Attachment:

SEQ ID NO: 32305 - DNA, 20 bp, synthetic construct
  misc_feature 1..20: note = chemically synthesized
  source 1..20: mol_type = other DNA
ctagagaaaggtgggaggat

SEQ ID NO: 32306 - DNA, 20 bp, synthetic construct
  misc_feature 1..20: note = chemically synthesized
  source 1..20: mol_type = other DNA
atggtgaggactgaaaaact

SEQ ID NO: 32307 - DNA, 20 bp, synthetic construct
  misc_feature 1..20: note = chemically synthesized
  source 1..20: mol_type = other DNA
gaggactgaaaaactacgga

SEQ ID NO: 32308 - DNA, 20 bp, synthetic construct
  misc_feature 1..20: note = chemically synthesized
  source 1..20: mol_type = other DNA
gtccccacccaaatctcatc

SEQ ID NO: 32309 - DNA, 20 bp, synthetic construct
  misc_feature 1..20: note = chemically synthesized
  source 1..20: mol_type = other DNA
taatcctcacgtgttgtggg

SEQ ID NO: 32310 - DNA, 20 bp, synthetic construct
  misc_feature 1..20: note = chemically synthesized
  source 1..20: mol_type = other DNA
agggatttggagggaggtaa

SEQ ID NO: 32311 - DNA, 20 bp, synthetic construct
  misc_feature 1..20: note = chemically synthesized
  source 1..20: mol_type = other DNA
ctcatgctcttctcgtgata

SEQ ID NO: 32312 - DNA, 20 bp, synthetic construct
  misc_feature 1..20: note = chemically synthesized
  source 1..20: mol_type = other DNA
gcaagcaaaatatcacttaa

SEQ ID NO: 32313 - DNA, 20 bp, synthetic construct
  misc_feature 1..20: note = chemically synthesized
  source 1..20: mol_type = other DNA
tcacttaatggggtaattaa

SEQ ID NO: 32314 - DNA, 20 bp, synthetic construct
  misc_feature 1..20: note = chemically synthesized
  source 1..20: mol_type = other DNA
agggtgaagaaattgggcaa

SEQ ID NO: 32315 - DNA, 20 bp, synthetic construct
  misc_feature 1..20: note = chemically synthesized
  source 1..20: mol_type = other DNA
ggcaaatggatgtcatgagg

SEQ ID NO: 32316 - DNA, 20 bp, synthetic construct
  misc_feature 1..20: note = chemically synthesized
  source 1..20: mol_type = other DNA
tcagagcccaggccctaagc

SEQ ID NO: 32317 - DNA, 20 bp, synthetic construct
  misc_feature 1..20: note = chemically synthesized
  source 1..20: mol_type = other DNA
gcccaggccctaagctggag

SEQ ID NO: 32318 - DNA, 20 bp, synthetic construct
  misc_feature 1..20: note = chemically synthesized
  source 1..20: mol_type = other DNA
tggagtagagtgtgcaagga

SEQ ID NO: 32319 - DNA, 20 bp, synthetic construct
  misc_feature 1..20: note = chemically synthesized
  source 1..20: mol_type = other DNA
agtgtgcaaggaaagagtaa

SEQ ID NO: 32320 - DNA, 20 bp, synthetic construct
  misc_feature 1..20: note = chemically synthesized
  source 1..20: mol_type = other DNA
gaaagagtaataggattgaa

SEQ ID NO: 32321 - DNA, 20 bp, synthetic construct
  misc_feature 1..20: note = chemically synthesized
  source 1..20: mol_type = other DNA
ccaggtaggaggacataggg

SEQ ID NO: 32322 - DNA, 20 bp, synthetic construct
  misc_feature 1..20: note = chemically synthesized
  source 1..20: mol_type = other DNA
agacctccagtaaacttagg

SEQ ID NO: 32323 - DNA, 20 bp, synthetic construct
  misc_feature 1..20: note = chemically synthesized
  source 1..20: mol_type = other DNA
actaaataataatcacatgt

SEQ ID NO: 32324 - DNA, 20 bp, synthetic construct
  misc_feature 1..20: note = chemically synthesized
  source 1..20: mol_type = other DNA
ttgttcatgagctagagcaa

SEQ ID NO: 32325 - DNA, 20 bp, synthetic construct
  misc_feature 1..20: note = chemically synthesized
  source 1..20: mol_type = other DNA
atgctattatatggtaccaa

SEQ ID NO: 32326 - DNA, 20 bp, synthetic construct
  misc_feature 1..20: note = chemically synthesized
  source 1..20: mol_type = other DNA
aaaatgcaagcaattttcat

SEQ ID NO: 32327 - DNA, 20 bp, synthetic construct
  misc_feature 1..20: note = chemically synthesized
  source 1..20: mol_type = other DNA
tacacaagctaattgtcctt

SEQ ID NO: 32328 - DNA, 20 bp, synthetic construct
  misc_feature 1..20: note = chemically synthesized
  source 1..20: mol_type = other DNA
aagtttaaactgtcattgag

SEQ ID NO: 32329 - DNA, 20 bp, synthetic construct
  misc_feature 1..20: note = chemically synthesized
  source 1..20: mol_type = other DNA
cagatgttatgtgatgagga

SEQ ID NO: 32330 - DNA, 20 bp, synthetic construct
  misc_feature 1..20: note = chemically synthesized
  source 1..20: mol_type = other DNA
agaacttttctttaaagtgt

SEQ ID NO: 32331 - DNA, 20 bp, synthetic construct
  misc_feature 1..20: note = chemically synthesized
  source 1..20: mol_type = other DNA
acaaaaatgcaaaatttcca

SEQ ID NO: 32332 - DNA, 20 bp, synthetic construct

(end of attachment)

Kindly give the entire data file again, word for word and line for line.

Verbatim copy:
SEQ ID NO: 32305 - DNA, 20 bp, synthetic construct
  misc_feature 1..20: note = chemically synthesized
  source 1..20: mol_type = other DNA
ctagagaaaggtgggaggat

SEQ ID NO: 32306 - DNA, 20 bp, synthetic construct
  misc_feature 1..20: note = chemically synthesized
  source 1..20: mol_type = other DNA
atggtgaggactgaaaaact

SEQ ID NO: 32307 - DNA, 20 bp, synthetic construct
  misc_feature 1..20: note = chemically synthesized
  source 1..20: mol_type = other DNA
gaggactgaaaaactacgga

SEQ ID NO: 32308 - DNA, 20 bp, synthetic construct
  misc_feature 1..20: note = chemically synthesized
  source 1..20: mol_type = other DNA
gtccccacccaaatctcatc

SEQ ID NO: 32309 - DNA, 20 bp, synthetic construct
  misc_feature 1..20: note = chemically synthesized
  source 1..20: mol_type = other DNA
taatcctcacgtgttgtggg

SEQ ID NO: 32310 - DNA, 20 bp, synthetic construct
  misc_feature 1..20: note = chemically synthesized
  source 1..20: mol_type = other DNA
agggatttggagggaggtaa

SEQ ID NO: 32311 - DNA, 20 bp, synthetic construct
  misc_feature 1..20: note = chemically synthesized
  source 1..20: mol_type = other DNA
ctcatgctcttctcgtgata

SEQ ID NO: 32312 - DNA, 20 bp, synthetic construct
  misc_feature 1..20: note = chemically synthesized
  source 1..20: mol_type = other DNA
gcaagcaaaatatcacttaa

SEQ ID NO: 32313 - DNA, 20 bp, synthetic construct
  misc_feature 1..20: note = chemically synthesized
  source 1..20: mol_type = other DNA
tcacttaatggggtaattaa

SEQ ID NO: 32314 - DNA, 20 bp, synthetic construct
  misc_feature 1..20: note = chemically synthesized
  source 1..20: mol_type = other DNA
agggtgaagaaattgggcaa

SEQ ID NO: 32315 - DNA, 20 bp, synthetic construct
  misc_feature 1..20: note = chemically synthesized
  source 1..20: mol_type = other DNA
ggcaaatggatgtcatgagg

SEQ ID NO: 32316 - DNA, 20 bp, synthetic construct
  misc_feature 1..20: note = chemically synthesized
  source 1..20: mol_type = other DNA
tcagagcccaggccctaagc

SEQ ID NO: 32317 - DNA, 20 bp, synthetic construct
  misc_feature 1..20: note = chemically synthesized
  source 1..20: mol_type = other DNA
gcccaggccctaagctggag

SEQ ID NO: 32318 - DNA, 20 bp, synthetic construct
  misc_feature 1..20: note = chemically synthesized
  source 1..20: mol_type = other DNA
tggagtagagtgtgcaagga

SEQ ID NO: 32319 - DNA, 20 bp, synthetic construct
  misc_feature 1..20: note = chemically synthesized
  source 1..20: mol_type = other DNA
agtgtgcaaggaaagagtaa

SEQ ID NO: 32320 - DNA, 20 bp, synthetic construct
  misc_feature 1..20: note = chemically synthesized
  source 1..20: mol_type = other DNA
gaaagagtaataggattgaa

SEQ ID NO: 32321 - DNA, 20 bp, synthetic construct
  misc_feature 1..20: note = chemically synthesized
  source 1..20: mol_type = other DNA
ccaggtaggaggacataggg

SEQ ID NO: 32322 - DNA, 20 bp, synthetic construct
  misc_feature 1..20: note = chemically synthesized
  source 1..20: mol_type = other DNA
agacctccagtaaacttagg

SEQ ID NO: 32323 - DNA, 20 bp, synthetic construct
  misc_feature 1..20: note = chemically synthesized
  source 1..20: mol_type = other DNA
actaaataataatcacatgt

SEQ ID NO: 32324 - DNA, 20 bp, synthetic construct
  misc_feature 1..20: note = chemically synthesized
  source 1..20: mol_type = other DNA
ttgttcatgagctagagcaa

SEQ ID NO: 32325 - DNA, 20 bp, synthetic construct
  misc_feature 1..20: note = chemically synthesized
  source 1..20: mol_type = other DNA
atgctattatatggtaccaa

SEQ ID NO: 32326 - DNA, 20 bp, synthetic construct
  misc_feature 1..20: note = chemically synthesized
  source 1..20: mol_type = other DNA
aaaatgcaagcaattttcat

SEQ ID NO: 32327 - DNA, 20 bp, synthetic construct
  misc_feature 1..20: note = chemically synthesized
  source 1..20: mol_type = other DNA
tacacaagctaattgtcctt

SEQ ID NO: 32328 - DNA, 20 bp, synthetic construct
  misc_feature 1..20: note = chemically synthesized
  source 1..20: mol_type = other DNA
aagtttaaactgtcattgag

SEQ ID NO: 32329 - DNA, 20 bp, synthetic construct
  misc_feature 1..20: note = chemically synthesized
  source 1..20: mol_type = other DNA
cagatgttatgtgatgagga

SEQ ID NO: 32330 - DNA, 20 bp, synthetic construct
  misc_feature 1..20: note = chemically synthesized
  source 1..20: mol_type = other DNA
agaacttttctttaaagtgt

SEQ ID NO: 32331 - DNA, 20 bp, synthetic construct
  misc_feature 1..20: note = chemically synthesized
  source 1..20: mol_type = other DNA
acaaaaatgcaaaatttcca

SEQ ID NO: 32332 - DNA, 20 bp, synthetic construct